When Lyn Kimberly was growing up, summer camp played a influential role in her young life. This mother of two pursued professional careers in teaching and market research, and then came up with an incredibly unique idea to take a summer camp on the road. Now she and her husband operate American Wanderer, a camp that travels via RVs to all the national parks and gives kids from all walks of life real world connections to the textbook science facts they learn in school.

Susan Hill’s career in fashion began as one of the first employees of Joan & David shoes. Her busy career included design trips to Italy when her two sons were very young. When she left that job in search of a better work+life fit, she became a district leader for Doncaster, and then branched out on her own as a personal wardrobe stylist and image consultant for moms, corporate executives and high profile figures like Doris Kearns Goodwin.

Fiona Mittag raised two children, managed prep school and college searches, led home renovations, traveled back and forth to England to help an aging mother, and met all other needs of a household and family—while running an antique print and framing business out of her home. This flexible business, M&F Antique Prints not only gave her a way to combine work and family—it also travelled with her as her husband’s work took them from London to Tokyo and then the U.S.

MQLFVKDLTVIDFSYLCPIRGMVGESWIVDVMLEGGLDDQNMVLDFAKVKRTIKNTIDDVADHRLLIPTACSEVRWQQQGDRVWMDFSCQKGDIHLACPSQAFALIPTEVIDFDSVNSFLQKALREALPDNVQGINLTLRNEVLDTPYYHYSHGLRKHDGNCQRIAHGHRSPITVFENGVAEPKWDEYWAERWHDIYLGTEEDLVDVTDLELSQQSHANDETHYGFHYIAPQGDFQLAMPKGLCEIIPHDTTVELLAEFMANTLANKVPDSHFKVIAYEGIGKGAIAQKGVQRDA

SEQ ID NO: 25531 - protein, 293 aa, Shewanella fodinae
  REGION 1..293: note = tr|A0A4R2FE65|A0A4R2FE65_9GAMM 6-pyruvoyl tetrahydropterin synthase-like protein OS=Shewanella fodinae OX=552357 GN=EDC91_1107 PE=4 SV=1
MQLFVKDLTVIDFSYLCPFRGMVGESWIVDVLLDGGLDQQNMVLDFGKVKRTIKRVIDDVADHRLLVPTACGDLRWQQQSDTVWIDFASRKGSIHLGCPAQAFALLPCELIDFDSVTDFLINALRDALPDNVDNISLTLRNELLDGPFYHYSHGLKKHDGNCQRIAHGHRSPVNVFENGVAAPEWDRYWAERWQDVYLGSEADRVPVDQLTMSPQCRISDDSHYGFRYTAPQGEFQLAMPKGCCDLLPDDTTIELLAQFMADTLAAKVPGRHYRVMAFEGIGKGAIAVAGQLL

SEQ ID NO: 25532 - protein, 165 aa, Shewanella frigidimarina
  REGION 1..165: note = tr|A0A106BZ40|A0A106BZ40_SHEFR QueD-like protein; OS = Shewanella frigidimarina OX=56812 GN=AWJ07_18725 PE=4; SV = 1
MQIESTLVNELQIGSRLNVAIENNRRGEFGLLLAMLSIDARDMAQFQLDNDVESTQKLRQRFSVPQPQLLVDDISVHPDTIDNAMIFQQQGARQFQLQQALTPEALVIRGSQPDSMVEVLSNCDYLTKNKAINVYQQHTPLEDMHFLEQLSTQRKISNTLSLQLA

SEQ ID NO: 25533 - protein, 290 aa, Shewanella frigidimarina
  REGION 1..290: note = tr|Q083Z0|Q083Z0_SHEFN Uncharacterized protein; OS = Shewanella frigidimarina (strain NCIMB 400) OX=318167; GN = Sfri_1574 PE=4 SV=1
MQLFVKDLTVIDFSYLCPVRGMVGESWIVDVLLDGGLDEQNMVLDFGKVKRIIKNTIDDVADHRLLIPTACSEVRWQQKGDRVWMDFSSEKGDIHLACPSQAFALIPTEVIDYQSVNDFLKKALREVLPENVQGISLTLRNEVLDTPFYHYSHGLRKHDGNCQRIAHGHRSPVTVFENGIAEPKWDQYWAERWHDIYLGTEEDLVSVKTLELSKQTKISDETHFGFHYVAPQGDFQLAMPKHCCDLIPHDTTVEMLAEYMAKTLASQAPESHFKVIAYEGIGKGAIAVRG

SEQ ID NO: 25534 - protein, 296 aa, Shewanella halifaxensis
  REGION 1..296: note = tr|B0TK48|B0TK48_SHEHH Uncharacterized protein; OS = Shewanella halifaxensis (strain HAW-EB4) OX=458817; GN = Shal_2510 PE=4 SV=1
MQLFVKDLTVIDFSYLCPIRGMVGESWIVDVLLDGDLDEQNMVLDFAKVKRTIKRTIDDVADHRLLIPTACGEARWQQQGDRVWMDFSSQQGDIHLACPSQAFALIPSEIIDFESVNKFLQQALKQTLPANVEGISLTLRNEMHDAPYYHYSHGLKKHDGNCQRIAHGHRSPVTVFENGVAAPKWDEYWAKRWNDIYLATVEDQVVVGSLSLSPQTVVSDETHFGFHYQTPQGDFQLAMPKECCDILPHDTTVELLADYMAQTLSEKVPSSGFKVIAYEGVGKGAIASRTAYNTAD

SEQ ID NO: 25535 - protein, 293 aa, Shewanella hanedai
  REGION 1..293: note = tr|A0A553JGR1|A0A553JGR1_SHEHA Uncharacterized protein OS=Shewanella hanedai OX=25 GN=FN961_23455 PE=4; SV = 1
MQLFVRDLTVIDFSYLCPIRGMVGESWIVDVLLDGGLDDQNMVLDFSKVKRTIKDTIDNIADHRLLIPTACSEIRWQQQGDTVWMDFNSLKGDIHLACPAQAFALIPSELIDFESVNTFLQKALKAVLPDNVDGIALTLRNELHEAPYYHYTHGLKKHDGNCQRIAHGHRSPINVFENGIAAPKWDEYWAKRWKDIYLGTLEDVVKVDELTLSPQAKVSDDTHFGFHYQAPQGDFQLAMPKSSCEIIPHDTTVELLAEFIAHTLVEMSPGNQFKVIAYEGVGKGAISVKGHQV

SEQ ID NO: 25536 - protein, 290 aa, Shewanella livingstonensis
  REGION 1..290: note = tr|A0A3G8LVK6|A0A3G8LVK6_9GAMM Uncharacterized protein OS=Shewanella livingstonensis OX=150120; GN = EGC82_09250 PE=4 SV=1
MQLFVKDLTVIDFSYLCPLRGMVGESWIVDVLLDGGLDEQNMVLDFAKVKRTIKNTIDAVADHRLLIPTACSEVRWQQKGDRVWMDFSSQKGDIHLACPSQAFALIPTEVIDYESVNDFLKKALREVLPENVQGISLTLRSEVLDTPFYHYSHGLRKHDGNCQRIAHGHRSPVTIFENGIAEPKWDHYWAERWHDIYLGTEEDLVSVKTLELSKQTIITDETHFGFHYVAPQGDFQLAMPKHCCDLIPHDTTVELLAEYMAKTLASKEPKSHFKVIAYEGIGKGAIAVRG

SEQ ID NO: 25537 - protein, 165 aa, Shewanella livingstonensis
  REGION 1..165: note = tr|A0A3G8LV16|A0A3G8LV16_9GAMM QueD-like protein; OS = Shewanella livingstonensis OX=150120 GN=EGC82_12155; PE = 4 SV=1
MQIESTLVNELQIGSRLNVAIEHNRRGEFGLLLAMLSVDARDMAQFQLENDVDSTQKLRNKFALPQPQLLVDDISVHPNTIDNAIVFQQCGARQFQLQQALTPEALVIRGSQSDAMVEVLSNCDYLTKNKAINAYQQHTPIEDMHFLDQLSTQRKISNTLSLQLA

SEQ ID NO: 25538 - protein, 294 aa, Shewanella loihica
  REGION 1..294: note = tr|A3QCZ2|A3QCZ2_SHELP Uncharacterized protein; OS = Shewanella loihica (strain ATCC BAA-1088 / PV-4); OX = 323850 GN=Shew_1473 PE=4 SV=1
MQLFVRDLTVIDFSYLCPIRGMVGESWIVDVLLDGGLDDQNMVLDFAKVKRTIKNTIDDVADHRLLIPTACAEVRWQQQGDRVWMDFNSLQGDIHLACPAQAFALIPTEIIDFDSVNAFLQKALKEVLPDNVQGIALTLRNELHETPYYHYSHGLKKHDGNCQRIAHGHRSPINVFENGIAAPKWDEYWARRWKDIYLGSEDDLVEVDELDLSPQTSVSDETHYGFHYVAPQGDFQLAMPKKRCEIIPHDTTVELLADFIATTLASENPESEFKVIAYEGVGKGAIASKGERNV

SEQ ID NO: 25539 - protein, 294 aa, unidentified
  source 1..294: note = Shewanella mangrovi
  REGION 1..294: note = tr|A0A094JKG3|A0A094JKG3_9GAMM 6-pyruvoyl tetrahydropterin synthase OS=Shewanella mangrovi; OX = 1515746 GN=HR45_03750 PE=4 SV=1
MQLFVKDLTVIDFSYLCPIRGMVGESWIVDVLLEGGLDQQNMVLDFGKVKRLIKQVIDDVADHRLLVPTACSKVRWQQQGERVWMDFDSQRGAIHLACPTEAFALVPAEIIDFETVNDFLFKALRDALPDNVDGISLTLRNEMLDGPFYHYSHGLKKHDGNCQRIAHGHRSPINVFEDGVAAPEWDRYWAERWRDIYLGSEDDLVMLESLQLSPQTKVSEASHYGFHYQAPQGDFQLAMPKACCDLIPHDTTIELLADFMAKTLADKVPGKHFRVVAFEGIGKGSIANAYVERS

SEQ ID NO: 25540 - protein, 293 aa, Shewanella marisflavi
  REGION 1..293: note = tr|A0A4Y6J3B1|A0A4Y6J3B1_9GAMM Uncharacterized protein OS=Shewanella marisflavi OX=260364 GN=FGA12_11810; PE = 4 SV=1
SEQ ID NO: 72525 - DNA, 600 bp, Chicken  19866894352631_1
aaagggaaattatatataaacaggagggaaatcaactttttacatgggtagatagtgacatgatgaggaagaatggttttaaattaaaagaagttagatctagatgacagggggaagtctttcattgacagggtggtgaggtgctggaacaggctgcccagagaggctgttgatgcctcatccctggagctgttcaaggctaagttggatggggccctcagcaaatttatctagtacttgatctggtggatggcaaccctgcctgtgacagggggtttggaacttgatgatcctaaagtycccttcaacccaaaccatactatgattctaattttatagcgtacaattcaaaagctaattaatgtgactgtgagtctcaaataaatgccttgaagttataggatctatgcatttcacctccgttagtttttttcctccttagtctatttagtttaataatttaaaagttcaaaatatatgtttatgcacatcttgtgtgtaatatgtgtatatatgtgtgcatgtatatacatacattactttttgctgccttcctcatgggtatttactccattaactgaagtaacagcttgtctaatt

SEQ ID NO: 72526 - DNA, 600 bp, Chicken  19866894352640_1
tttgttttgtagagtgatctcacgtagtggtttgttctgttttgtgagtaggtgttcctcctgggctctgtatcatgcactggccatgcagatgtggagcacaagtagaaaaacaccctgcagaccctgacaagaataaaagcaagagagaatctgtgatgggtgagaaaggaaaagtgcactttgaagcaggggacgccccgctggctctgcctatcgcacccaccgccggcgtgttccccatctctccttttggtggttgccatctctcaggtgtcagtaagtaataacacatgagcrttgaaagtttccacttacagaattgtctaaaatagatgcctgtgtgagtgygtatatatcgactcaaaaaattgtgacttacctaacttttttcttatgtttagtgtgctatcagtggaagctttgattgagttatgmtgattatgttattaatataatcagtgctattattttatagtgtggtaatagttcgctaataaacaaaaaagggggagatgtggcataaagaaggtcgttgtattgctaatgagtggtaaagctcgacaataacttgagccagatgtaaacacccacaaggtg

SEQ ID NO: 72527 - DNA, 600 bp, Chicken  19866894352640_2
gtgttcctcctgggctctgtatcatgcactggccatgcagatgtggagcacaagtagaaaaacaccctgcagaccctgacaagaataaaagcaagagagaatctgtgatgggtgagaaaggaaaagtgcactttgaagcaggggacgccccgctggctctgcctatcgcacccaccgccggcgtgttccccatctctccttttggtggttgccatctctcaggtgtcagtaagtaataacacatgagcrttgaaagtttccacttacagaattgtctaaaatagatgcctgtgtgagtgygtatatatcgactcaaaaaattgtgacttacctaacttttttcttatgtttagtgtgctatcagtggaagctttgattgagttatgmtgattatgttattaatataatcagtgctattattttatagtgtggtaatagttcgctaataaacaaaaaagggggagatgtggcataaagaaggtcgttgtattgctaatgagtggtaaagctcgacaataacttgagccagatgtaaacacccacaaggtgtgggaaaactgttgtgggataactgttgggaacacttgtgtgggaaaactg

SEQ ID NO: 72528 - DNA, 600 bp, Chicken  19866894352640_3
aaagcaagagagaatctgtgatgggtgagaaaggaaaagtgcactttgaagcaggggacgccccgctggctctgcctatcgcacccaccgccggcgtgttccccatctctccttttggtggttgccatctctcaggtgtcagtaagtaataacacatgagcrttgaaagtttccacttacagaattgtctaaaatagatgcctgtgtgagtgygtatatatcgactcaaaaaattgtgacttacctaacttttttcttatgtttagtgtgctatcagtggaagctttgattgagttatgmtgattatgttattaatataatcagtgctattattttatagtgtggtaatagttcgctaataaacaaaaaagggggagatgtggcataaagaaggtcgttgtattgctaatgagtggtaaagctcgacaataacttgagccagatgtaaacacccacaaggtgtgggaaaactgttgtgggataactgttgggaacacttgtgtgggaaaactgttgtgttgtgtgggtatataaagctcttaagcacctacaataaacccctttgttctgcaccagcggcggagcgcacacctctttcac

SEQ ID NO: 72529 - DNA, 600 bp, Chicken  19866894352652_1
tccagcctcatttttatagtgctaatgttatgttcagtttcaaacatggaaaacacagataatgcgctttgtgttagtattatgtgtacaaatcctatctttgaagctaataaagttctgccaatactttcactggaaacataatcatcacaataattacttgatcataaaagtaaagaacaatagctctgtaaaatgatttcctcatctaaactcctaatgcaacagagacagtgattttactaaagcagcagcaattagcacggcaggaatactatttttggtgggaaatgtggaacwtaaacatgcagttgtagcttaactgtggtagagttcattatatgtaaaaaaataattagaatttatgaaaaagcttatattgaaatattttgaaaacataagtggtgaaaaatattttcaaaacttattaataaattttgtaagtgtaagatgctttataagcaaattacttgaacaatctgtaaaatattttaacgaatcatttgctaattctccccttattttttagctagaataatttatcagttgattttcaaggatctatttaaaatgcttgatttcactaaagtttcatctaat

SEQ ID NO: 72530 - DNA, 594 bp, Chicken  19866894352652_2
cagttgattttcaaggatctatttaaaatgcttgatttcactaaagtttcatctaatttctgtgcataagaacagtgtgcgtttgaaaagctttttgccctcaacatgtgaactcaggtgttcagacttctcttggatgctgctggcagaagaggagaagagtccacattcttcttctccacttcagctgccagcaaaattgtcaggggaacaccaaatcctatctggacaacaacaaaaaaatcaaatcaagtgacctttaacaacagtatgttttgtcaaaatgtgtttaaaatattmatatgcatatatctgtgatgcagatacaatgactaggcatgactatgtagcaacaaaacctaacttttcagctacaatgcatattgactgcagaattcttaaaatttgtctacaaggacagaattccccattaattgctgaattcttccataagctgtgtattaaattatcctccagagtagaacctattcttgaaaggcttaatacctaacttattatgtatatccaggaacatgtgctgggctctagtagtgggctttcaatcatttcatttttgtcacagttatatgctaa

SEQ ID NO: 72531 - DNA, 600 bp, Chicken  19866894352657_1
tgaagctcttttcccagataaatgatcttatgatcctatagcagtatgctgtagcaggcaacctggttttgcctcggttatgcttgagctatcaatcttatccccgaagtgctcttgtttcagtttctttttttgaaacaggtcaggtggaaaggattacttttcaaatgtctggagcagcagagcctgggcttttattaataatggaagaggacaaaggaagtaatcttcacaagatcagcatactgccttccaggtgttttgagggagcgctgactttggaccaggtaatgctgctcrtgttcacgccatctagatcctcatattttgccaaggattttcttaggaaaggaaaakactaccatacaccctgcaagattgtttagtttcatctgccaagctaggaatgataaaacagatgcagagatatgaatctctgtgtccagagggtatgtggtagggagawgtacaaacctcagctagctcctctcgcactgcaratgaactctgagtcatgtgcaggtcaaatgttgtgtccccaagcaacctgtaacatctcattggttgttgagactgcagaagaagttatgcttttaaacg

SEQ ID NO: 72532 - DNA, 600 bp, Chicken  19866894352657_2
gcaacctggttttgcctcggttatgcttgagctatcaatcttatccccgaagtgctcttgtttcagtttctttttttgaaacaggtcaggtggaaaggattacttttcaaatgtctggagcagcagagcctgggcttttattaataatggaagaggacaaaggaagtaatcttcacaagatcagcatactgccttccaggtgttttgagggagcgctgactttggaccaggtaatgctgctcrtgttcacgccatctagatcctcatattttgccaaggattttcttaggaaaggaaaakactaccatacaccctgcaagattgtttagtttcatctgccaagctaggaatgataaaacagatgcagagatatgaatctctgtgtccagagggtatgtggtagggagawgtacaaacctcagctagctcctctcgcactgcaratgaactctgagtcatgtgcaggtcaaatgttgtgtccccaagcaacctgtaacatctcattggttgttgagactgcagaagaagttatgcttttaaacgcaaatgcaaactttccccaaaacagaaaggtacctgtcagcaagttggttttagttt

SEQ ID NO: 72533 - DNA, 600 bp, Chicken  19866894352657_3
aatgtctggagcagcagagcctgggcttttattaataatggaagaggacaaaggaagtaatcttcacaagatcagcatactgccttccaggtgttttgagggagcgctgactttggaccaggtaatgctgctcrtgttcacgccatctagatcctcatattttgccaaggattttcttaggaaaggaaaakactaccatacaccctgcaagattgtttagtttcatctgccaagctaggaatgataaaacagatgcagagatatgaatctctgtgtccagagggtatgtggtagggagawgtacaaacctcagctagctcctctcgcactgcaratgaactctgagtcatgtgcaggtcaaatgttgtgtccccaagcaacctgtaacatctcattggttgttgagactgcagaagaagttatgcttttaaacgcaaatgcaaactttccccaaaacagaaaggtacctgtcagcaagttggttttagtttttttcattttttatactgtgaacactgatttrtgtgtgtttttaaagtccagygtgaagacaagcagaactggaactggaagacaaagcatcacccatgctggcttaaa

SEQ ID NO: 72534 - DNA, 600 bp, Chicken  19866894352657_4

Lisa Romeo’s writing talents gave her the lifelong ability to generate an income—as a freelancer, a business owner and in big corporations. It is work that she has dialed up and down while raising two sons—she closed her own busy PR agency when her children were young. After earning an MFA at age 45, she created an independent business umbrella that includes an array of versatile work as a creative writing teacher, an editorial consultant, a ghostwriter and writer with bylines in Oprah’s magazine, the New York Times and dozens of other publications.

After a brief stint as a social worker, Gay Squire raised two sons and worked only as a volunteer. When her husband was planning an early retirement from the financial services industry, the couple pursued a dream to start a Vermont B&B. They bought a gorgeous property, and created an impeccable, upscale, three-room bed and breakfast, “Squire House”, that draws skiers, hikers and a stream of interesting visitors each season of the year.

One day Kirsten Lambert (formerly in market research) and Joan Ripple (formerly in HR) discussed the fact that their college freshmen never seemed to wash the sheets on their dorm room beds. The two mothers joked that their kids needed the rolls of paper sheets that doctor offices use—and the light bulb went off with a new business idea. After a year of research, the duo created Beantown Bedding—and a line of laundry-free linens that are now used by many colleges—as well as organizations in hospitality, healthcare and disaster relief.

These are all great examples of women who have found interesting work that fits their lives. Most of these women just dove in to a new venture and figured it out along the way—but in every area there are many resources for budding entrepreneurs. Kathy McShane of Ladies Launch Club is just one example—a former marketing professional who has made a business of helping other women start businesses of their own. —KAS